Bainbridge Island School District discussing possibility of bond measure

Replacement of Captain Johnston Blakely Elementary could cost an estimated $38.9 million.

The Bainbridge Island School District may ask the public to support a bond measure for new school buildings in the near future.

Back in 2005, several buildings were identified in the district’s master plan to be scheduled for replacement or repair over a number of years. Now, the district is reviewing its master plan again — and the school board may decide by October whether or not to put it on February’s ballot, said Tamela Van Winkle, director of facilities and capital projects for the district.

Over the last few weeks, Bainbridge school board members have met with the district’s capital projects committee to discuss which buildings are in need of the most work, said Van Winkle.

Captain Johnston Blakely Elementary needs to be replaced, as does the Bainbridge High School’s 100 Building, she said.

A replacement of Blakely will cost an estimated $38.9 million. The BHS 100 Building will cost an estimated $13.75 million to replace.

On top of that, additional funds would be set aside for upkeep of buildings.

However, those decisions are not set in stone just yet. The district still has plenty of other ways to mix and match which projects come first, Van Winkle explained.

“There will continue to be board discussions about the master plan until a decision is made,” she said, adding that presentations will be made in August and beyond.

The total cost of any bond measure is still undetermined.

“We don’t know what [official numbers] it could be yet. It could be any number of [projects] things,” Van Winkle said.

The board is considering various options on bond amounts, which range from $50 million to $80 million, depending on what’s chosen for repair and replacement.

While there are several scenarios that have been presented to the district, the most recent offers the possibility to replace one school and a part of another.

“It appears that the initial thinking would be to replace Blakely, and we’re talking about the 100 Building,” she said. “The board and district are very interested in making sure that we talk about the buildings on the central campus, and that we have a comprehensive conversation about those buildings.”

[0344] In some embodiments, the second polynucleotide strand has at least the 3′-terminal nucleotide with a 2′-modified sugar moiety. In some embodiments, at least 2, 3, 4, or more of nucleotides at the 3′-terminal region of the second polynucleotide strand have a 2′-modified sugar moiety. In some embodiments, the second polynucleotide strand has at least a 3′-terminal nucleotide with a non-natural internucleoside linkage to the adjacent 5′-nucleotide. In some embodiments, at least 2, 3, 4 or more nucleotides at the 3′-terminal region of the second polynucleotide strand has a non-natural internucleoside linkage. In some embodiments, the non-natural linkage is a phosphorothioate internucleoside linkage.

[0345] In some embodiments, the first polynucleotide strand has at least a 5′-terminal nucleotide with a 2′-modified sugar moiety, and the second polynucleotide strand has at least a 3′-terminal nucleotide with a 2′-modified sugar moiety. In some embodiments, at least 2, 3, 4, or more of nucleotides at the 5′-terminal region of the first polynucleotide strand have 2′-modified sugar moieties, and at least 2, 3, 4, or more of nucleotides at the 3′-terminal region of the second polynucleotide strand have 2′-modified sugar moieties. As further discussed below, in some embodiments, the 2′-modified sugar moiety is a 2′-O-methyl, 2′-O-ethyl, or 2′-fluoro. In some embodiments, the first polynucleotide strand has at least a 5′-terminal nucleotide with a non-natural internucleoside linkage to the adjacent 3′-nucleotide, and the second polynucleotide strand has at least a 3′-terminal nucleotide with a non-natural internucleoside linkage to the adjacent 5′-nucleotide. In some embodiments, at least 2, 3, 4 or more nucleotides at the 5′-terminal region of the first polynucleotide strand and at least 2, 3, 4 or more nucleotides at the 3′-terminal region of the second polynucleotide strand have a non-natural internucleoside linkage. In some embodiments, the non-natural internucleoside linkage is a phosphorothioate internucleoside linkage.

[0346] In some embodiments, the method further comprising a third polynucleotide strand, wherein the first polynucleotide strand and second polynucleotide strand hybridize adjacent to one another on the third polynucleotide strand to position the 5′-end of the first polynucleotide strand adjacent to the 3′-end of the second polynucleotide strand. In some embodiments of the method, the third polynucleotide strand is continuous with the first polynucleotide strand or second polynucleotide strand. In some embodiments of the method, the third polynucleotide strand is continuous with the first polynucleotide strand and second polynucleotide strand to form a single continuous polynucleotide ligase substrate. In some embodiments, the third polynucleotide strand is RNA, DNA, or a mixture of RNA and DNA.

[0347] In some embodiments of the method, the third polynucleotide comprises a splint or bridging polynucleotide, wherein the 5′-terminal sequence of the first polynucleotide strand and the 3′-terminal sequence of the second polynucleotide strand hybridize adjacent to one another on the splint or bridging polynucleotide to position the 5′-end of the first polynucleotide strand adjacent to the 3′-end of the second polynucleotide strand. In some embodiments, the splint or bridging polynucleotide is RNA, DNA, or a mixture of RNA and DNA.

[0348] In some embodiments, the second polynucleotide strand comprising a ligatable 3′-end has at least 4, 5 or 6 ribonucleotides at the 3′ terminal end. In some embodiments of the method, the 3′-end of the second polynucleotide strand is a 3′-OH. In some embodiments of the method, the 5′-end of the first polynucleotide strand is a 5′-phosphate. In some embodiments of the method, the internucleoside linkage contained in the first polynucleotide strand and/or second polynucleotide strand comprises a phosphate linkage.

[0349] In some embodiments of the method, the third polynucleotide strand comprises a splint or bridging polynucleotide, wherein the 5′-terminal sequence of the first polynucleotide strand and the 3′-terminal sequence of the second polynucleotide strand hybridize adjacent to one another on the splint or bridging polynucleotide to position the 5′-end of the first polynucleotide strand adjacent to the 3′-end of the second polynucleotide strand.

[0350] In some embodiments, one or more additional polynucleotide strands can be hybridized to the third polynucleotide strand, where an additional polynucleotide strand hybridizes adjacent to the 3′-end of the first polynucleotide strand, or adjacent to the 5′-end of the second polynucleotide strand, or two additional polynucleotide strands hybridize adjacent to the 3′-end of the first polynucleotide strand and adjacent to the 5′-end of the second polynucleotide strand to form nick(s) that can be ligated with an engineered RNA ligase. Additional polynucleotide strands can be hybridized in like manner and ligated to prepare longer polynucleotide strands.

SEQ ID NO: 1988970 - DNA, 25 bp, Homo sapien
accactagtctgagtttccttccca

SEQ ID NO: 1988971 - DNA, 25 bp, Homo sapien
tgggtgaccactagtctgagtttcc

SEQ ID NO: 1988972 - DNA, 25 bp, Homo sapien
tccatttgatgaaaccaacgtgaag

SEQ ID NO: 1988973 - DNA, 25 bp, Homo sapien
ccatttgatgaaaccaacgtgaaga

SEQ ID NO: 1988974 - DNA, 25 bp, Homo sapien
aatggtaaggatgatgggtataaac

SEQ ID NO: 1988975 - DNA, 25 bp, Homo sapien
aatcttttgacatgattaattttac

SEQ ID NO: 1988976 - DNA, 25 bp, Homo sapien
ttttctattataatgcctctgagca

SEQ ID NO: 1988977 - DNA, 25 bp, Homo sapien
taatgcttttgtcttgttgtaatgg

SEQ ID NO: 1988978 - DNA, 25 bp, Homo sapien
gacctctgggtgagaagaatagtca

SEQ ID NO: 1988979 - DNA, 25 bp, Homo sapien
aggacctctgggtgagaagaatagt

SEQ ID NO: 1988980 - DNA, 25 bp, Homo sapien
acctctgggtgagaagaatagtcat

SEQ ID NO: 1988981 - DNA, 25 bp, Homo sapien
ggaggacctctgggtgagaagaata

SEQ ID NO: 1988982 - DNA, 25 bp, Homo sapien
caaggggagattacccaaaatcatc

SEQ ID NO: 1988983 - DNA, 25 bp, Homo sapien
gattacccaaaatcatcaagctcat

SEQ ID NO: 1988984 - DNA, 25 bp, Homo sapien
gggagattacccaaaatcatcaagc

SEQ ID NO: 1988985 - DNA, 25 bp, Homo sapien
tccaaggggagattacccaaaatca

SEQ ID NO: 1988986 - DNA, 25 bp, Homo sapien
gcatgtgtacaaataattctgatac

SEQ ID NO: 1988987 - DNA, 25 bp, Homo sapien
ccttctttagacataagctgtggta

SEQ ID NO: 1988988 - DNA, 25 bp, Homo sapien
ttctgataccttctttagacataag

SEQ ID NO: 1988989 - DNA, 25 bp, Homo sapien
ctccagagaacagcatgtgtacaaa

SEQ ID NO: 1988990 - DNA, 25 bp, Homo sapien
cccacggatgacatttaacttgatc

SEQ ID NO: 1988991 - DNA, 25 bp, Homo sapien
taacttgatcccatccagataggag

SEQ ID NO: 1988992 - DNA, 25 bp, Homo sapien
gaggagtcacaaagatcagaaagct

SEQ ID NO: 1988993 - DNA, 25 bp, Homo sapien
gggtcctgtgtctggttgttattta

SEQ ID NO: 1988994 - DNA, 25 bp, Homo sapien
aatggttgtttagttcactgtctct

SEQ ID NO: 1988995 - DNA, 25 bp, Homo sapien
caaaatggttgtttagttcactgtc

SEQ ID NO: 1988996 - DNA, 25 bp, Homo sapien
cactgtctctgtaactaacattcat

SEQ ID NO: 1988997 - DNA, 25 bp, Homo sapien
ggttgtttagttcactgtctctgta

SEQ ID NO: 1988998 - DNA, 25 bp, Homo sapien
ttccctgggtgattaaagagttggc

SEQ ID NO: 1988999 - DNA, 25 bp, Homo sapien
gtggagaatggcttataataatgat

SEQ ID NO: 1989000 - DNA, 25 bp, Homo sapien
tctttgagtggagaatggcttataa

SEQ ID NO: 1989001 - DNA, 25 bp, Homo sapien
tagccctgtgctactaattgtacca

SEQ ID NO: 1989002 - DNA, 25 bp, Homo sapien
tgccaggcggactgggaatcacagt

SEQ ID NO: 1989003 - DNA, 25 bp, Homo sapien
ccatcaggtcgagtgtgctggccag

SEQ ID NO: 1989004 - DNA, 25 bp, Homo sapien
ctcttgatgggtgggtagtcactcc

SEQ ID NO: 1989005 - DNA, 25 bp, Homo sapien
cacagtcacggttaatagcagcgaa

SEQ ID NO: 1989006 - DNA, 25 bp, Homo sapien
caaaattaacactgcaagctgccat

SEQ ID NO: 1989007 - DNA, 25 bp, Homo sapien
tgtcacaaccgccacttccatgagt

Blakely and the BHS building were chosen because a “significant amount of work needs to be done,” Van Winkle said.

Issues range from roofing and structural problems to asbestos removal and a need for better facility layouts for students.

“I think that the needs are immediate and critical,” she added.

Although several district buildings have been picked for upgrades or replacement in the upcoming years as part of the master plan, it would be far too costly to try and fix all of the buildings at the same time, which is why the potential plans extend out to 2074.

Van Winkle said in coming months that the district hopes to generate enough public interest in the topic to have community discussions on bond options.

“Just be aware that the conversation has started with the school board about what the facilities need. With the updated master plan, we’ve identified what the need is and the board will be making a decision with how they will approach those needs,” she said.

“We’re moving forward with continued analysis. And, of course, we will have a conversation with the community,” Van Winkle added.

The district’s last bond measure of $41.9 million was approved in 2009 and paid for, in part, a new Captain Charles Wilkes Elementary.

More updates will be available to the public at upcoming BISD meetings.

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